9/3/09 – With the Aruba Poker Classic right around the corner I thought it was the right time to talk about satellite strategy. UB will be having many satellite tournaments for the APC, some with as many as 50 seats given away in 1 tournament.
The beginning and middle of a satellite tournament plays pretty much the same as any regular tournament you have played, but the end is so much different and it what separates good satellite players from bad. I've known many good tournament players who are lousy satellite players and vice versa.
It is important when playing one of these to know what the end goal is. In this case it is a trip to Aruba. In the 50 seat guarantee, 50th place pays the same as 1st place. It is important to remember that down the stretch when you are closing in on a seat. In just about every satellite I play, I see big blunders. Plays that are perfectly ok in a regular tournament are huge mistakes in satellite tournaments. For instance, 63 players left paying 50 seats and you see 2 players in the top 15 getting all their money in AK vs. QQ. This seems pretty standard in a regular tournament, but in a satellite tournament it is wrong. There is really no reason for either player to be taking any risk, yet they both put it all on the line in a spot where neither need to play a hand.
The important thing to know in a super satellite as its coming down the stretch is where you stand. Knowing all the stacks and whether or not you need to play any more hands is key. Math becomes a big part in the end. Sometimes winning the blinds and antes 1 last time can get you the amount of chips you need to win a seat. As you gain more experience in satellites you will get a feel for end play and how many chips you will need to win.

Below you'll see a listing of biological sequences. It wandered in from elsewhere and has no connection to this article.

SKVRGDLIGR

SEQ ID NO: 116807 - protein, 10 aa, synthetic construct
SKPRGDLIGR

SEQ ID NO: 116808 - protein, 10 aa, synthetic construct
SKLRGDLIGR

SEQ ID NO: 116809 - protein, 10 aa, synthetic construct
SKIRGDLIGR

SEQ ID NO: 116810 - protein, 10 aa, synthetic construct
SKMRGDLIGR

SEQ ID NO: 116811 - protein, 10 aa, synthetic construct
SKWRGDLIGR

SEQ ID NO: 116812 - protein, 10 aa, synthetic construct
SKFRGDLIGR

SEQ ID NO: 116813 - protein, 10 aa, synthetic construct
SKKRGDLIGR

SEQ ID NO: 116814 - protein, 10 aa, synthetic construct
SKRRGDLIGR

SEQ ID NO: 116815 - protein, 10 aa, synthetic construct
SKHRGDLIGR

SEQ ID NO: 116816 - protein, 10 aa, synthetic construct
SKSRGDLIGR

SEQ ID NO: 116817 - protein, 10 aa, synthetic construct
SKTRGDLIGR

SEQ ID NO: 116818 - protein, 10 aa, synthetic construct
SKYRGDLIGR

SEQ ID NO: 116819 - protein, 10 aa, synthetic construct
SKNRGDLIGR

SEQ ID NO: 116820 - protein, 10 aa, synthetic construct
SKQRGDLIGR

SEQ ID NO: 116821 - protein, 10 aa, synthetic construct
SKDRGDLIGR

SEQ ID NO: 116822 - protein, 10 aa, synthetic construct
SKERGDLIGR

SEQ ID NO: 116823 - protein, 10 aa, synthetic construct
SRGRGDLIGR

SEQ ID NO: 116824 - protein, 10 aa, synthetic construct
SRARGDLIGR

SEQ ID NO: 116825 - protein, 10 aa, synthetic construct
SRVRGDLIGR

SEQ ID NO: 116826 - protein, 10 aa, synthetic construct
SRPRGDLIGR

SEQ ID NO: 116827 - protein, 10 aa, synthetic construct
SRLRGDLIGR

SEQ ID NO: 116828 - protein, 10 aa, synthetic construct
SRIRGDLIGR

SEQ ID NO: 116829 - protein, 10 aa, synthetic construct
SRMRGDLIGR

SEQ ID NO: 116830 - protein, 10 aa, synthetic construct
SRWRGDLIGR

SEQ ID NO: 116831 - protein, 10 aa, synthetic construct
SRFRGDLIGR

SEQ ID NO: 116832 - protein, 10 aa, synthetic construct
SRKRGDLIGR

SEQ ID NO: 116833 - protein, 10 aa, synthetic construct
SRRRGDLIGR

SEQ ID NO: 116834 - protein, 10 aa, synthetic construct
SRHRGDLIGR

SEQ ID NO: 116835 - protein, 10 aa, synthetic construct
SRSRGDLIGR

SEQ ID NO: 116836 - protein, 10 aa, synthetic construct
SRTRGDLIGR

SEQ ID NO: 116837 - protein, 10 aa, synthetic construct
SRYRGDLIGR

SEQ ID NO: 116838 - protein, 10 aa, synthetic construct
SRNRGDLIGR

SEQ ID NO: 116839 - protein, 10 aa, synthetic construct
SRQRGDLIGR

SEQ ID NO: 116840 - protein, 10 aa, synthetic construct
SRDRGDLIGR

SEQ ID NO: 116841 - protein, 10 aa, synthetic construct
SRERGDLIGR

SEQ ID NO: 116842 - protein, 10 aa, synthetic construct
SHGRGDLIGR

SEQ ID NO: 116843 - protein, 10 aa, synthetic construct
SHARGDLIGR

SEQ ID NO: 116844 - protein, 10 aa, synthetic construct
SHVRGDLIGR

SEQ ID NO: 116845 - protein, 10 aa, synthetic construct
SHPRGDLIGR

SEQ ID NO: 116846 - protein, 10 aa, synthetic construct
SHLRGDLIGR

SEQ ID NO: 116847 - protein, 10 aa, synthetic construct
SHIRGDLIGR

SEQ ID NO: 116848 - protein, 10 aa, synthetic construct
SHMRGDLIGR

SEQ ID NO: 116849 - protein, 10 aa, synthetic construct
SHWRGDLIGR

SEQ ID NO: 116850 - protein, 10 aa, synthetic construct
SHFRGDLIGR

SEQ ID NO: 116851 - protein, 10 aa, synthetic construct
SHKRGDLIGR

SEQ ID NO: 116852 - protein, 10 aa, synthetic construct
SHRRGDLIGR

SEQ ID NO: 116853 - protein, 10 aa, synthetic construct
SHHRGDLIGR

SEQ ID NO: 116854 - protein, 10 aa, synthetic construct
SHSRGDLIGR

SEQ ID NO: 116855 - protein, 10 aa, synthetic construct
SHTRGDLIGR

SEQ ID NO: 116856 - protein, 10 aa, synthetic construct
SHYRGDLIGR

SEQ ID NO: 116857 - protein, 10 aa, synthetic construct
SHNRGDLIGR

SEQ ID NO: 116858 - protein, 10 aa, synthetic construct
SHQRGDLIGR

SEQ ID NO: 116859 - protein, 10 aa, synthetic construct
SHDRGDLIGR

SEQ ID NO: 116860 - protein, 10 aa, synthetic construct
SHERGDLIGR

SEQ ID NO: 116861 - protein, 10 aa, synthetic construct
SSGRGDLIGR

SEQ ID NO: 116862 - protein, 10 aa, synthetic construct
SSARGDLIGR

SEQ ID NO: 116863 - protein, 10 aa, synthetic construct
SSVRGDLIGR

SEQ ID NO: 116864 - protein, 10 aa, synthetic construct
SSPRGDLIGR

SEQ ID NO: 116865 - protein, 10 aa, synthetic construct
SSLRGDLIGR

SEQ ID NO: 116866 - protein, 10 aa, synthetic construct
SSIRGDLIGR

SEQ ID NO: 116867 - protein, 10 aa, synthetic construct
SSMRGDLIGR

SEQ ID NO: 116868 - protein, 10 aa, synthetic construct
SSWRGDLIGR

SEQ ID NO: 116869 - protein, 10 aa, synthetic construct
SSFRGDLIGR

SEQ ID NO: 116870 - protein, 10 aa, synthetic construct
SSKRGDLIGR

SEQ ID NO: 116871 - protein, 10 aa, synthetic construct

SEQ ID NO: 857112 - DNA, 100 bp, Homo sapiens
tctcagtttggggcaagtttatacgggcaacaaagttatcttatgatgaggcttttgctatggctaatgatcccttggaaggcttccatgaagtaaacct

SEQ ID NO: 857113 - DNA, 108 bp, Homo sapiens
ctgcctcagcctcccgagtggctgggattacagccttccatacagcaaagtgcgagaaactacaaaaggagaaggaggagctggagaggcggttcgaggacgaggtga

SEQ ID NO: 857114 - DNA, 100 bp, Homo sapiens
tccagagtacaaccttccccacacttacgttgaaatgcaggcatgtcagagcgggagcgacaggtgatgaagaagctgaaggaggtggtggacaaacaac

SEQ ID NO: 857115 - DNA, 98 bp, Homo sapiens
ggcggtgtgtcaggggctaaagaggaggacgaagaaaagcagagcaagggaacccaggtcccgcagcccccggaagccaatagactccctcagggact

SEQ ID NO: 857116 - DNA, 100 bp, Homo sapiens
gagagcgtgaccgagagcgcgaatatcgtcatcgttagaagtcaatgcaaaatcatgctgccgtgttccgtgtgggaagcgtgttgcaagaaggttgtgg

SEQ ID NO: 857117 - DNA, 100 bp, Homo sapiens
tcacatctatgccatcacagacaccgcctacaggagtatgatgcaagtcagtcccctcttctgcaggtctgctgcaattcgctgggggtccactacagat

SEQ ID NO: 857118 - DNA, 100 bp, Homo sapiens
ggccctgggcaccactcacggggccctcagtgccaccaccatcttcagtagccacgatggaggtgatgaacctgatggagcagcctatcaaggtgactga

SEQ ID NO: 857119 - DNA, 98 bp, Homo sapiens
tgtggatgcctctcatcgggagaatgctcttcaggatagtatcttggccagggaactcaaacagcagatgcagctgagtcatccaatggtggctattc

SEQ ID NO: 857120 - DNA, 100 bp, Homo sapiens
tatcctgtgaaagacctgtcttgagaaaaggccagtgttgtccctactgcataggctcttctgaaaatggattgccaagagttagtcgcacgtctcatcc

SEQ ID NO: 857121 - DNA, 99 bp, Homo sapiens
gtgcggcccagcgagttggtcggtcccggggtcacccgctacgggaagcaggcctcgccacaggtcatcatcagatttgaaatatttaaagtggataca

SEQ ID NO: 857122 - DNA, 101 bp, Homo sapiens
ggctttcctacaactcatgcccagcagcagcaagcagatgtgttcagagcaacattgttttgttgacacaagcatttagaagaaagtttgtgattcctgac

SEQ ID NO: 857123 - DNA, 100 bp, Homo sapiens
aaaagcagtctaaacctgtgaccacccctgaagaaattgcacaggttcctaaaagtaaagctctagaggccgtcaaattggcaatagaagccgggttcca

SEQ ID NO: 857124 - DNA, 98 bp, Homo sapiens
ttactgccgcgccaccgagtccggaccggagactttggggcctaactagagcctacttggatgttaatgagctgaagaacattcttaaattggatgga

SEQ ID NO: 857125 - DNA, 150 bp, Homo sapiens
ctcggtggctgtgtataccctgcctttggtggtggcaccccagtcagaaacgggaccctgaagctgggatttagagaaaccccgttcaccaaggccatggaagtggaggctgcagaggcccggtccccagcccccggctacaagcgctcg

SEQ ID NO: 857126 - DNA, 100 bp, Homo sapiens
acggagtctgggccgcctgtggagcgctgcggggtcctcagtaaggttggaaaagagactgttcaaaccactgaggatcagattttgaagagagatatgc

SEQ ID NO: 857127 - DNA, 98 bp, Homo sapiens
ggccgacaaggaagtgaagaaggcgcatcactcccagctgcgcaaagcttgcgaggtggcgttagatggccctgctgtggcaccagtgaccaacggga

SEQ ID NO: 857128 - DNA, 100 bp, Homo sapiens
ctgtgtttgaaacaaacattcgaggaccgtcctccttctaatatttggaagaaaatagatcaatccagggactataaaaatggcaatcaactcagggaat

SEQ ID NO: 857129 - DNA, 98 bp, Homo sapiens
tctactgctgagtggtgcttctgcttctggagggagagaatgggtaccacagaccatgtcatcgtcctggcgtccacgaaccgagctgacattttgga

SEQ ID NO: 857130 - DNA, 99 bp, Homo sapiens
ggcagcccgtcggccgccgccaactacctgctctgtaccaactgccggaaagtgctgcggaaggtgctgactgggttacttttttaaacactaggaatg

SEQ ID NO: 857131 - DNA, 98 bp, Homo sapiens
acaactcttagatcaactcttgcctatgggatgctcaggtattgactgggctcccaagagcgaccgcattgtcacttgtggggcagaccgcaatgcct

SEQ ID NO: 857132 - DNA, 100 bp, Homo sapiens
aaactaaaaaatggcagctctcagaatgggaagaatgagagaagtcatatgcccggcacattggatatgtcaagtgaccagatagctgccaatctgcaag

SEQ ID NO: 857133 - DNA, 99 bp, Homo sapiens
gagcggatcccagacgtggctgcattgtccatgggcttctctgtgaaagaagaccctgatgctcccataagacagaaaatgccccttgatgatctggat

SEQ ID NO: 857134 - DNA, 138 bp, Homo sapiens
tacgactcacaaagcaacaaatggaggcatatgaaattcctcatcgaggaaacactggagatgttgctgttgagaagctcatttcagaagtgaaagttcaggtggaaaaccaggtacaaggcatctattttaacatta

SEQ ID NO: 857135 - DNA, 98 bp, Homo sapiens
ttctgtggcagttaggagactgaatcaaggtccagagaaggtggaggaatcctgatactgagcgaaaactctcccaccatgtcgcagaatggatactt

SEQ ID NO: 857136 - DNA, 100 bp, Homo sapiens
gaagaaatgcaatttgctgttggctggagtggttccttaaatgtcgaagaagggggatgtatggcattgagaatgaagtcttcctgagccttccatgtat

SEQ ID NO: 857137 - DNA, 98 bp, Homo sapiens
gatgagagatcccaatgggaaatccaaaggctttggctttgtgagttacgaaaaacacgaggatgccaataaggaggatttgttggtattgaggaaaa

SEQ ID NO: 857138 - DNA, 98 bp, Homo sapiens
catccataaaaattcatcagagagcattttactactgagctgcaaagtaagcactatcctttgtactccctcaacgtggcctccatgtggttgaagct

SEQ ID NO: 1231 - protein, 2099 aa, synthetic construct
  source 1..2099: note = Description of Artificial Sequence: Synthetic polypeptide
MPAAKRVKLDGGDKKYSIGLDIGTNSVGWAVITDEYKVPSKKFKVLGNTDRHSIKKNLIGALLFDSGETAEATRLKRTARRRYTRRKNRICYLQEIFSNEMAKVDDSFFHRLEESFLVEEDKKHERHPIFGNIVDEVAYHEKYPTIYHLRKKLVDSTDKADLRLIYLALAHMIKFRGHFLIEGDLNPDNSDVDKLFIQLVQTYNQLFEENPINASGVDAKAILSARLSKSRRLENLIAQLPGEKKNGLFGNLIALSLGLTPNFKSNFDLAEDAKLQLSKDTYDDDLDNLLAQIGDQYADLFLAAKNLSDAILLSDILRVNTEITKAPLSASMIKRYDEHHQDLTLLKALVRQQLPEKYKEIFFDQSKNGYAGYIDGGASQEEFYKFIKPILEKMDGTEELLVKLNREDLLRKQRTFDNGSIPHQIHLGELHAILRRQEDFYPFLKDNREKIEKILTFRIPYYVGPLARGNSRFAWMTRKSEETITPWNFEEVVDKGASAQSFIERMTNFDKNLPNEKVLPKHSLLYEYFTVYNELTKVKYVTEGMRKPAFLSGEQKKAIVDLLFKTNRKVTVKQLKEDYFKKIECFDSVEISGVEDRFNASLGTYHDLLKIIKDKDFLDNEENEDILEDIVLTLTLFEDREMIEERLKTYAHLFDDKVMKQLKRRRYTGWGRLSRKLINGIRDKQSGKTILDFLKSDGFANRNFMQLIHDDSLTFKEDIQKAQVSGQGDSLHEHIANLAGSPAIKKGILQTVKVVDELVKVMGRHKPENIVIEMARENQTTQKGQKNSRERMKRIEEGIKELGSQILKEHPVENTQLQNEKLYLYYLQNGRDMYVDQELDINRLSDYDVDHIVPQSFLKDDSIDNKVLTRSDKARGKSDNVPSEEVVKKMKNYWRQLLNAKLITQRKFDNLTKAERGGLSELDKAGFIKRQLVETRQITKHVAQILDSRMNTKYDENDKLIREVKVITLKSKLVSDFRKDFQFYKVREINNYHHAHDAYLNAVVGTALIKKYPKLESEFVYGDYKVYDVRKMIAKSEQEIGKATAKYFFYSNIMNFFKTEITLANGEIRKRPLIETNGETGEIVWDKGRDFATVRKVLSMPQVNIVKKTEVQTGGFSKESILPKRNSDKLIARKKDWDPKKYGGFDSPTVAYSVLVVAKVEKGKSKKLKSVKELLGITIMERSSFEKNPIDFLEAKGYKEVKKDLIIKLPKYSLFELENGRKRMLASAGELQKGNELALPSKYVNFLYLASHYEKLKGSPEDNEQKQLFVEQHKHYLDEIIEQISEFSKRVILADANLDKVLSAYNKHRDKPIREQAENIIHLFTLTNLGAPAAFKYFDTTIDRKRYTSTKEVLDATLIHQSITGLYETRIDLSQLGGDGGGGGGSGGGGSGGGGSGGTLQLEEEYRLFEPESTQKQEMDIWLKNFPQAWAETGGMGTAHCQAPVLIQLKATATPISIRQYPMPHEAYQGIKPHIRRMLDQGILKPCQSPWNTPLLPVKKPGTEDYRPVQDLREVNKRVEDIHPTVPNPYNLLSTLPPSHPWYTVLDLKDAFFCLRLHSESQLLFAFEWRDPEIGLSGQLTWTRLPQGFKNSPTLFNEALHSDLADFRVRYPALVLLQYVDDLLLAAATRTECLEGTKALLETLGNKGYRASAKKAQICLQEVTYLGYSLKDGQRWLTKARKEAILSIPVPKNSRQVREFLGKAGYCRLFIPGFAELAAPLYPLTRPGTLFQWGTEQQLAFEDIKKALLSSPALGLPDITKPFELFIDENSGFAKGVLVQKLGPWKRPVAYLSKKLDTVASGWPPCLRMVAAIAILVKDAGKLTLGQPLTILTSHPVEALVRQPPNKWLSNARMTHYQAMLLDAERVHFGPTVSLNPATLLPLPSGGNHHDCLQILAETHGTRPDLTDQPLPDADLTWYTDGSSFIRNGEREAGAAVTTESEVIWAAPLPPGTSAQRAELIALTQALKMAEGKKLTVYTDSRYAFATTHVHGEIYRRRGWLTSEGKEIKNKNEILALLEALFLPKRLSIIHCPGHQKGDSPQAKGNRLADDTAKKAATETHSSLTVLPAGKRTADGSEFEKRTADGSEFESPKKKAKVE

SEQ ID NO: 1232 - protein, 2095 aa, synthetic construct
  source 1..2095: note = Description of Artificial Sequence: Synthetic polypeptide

Something I do at the start of a satellite is to figure out what the average stack will be when the tournament ends. The reason I do this is so if I get over that amount I know I can take a lot of the risk out of my game and just try to play premium hands and maintain my stack.
If you are in a push or fold situation, it is important to push on the stacks that don't need to play any more hands to win a seat. I have folded Aces many times in satellites knowing that the only way I don't win a seat is if I play a hand.
Remember, unlike regular tournaments, folding the best hand in certain situations is correct in satellite tournaments. Hopefully you will be in a good spot nearing the end and you can let other players take all the risks.
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